Earlier this month, Chinese automotive firm BYD announced that it would launch its first pure electric passenger car model, the ATTO 3, in India, adding another overseas market following recent releases in Europe and Southeast Asia. In addition, other car companies such as Germany’s Mercedes-Benz and Volkswagen, as well as Japan’s Suzuki, are increasingly eyeing India’s new energy vehicle market.
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In fact, some car companies have already attempted to act as pioneers in India. As early as 2016, Tesla CEO Elon Musk made a plan to enter the country’s NEV market, saying that it was very likely that Tesla products would be sold there in 2019. South Korean auto brand Hyundai Motor also entered the Indian market in 2019.
India has now become the fourth-largest automotive market in the world after China, the US and Japan. By 2025, the country will surpass Japan to become the third-largest automobile market globally.
The Indian Ministry of Power pointed out in an outlook report that by 2030, 40% of newly-sold vehicles in India will be pure electric models. By 2047, independent India’s centenary, the proportion will reach 100%. In order to achieve this goal, the country’s government introduced a policy named “Faster Adoption and Manufacturing of Electric Vehicles (FAME)” in 2015, subsidizing the purchase of hybrid energy vehicles or NEVs that meet policy requirements.
From Mercedes-Benz and Volkswagen to Suzuki and BYD, these car companies have flocked to India’s NEV market this year, all harboring different grand plans for this vast market. But for these car companies, their road ahead will not not smooth.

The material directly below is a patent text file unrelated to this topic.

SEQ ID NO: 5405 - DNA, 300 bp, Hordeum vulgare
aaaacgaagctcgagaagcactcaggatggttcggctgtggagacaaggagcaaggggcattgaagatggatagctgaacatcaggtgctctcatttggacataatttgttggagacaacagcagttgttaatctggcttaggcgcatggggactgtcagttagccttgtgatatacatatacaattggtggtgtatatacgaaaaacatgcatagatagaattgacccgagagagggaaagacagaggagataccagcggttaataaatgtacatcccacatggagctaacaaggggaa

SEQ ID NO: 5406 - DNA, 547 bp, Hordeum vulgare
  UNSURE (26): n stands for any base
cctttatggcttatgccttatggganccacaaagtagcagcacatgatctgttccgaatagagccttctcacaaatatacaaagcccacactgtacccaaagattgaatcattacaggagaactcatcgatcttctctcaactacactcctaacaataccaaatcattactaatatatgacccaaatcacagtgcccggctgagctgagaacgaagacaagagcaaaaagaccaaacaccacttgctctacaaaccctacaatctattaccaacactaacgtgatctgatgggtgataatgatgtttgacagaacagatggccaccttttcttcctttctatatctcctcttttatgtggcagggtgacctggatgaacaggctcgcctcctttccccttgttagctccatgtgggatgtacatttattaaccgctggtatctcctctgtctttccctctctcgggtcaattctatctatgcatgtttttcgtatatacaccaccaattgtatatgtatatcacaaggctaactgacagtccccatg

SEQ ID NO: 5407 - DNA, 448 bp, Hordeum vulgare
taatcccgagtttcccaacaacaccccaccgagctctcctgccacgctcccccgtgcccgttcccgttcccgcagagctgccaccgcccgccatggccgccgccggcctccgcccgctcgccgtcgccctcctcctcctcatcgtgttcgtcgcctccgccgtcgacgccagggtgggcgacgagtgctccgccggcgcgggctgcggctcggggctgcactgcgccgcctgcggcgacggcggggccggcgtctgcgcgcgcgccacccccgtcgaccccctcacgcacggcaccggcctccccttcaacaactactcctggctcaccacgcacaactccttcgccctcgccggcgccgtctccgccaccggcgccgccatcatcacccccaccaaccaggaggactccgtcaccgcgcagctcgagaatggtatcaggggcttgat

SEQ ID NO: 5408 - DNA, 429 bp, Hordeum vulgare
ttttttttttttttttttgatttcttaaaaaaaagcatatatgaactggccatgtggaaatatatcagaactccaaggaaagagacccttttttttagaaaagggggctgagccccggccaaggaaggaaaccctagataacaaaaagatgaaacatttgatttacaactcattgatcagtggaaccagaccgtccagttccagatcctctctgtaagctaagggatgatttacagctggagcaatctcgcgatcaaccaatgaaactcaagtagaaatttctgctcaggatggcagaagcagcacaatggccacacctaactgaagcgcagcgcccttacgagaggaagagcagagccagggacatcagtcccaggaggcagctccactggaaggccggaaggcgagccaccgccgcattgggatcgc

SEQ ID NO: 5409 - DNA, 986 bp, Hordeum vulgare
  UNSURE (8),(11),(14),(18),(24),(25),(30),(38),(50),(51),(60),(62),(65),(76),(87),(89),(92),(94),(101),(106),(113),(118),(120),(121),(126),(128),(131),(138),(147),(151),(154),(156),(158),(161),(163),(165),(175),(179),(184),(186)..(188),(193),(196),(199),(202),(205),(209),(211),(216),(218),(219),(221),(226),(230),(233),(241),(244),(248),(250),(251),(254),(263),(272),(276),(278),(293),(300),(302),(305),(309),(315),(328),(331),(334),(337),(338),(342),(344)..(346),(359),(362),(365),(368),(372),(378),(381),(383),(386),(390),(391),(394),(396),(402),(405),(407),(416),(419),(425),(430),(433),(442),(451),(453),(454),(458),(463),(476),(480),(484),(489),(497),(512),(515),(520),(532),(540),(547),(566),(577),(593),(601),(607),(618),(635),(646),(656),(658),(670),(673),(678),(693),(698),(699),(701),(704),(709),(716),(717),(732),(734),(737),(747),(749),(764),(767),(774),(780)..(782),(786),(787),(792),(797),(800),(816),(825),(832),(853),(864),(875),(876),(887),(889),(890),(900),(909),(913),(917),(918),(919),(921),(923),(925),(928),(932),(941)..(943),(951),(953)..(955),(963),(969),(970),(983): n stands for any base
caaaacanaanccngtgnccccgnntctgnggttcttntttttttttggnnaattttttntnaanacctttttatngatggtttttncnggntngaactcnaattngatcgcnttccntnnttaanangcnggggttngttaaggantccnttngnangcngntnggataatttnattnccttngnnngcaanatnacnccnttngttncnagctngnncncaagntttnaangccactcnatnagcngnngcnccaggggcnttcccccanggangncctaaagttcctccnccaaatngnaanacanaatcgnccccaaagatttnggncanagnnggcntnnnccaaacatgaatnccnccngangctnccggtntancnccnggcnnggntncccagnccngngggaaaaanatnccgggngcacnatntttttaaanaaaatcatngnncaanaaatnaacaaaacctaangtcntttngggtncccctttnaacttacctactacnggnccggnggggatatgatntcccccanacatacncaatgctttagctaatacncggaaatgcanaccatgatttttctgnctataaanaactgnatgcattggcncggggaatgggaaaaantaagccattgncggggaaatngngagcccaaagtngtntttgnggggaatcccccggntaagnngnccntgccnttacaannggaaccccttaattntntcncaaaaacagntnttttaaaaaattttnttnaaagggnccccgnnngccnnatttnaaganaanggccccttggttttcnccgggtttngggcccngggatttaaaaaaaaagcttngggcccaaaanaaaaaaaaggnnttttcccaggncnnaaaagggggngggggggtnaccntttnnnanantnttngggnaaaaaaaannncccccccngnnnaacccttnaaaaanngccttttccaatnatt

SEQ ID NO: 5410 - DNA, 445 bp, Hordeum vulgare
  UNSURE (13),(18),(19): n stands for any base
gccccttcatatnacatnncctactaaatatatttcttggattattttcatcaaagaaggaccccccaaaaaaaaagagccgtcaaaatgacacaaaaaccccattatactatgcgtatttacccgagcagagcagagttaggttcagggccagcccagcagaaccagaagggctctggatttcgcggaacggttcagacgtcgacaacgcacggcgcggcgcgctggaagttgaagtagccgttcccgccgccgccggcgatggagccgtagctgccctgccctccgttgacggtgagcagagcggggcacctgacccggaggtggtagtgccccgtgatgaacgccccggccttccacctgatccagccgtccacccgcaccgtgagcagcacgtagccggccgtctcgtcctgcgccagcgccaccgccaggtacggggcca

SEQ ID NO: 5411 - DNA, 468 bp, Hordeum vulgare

First of all, automotive firms face high tariffs. From a selling price point of view, if BYD’s ATTO 3 is sold for about 200,000 yuan ($27,779), the tariff will be 60%. Mercedes-Benz’s EQS580 4MATIC, which is determined to sell for more than 1 million yuan, will face the same 100% tariff as Tesla if it is sold in India. Even after overcoming the tariffs, they will face fierce competition from local car leaders such as Tata Motors.
Secondly, there is a quite major shortage of charging facilities for electric vehicles in India. According to public data, as of March 25 this year, a total of 1,742 public charging stations are operational. Meanwhile, as of September 2022, the cumulative number of charging spots in China was 4.488 million units. The shortage of infrastructure will inevitably hinder local consumers in India from choosing NEVs for their daily travel, thus hampering the domestic development of the industry.
In a nutshell, BYD, Volkswagen, Mercedes-Benz and other car companies are now seeking firm footing in the Indian NEV market and there are many challenges to be solved. It is certain that many more car companies will covet this market in the future, indicating that the battle will continue.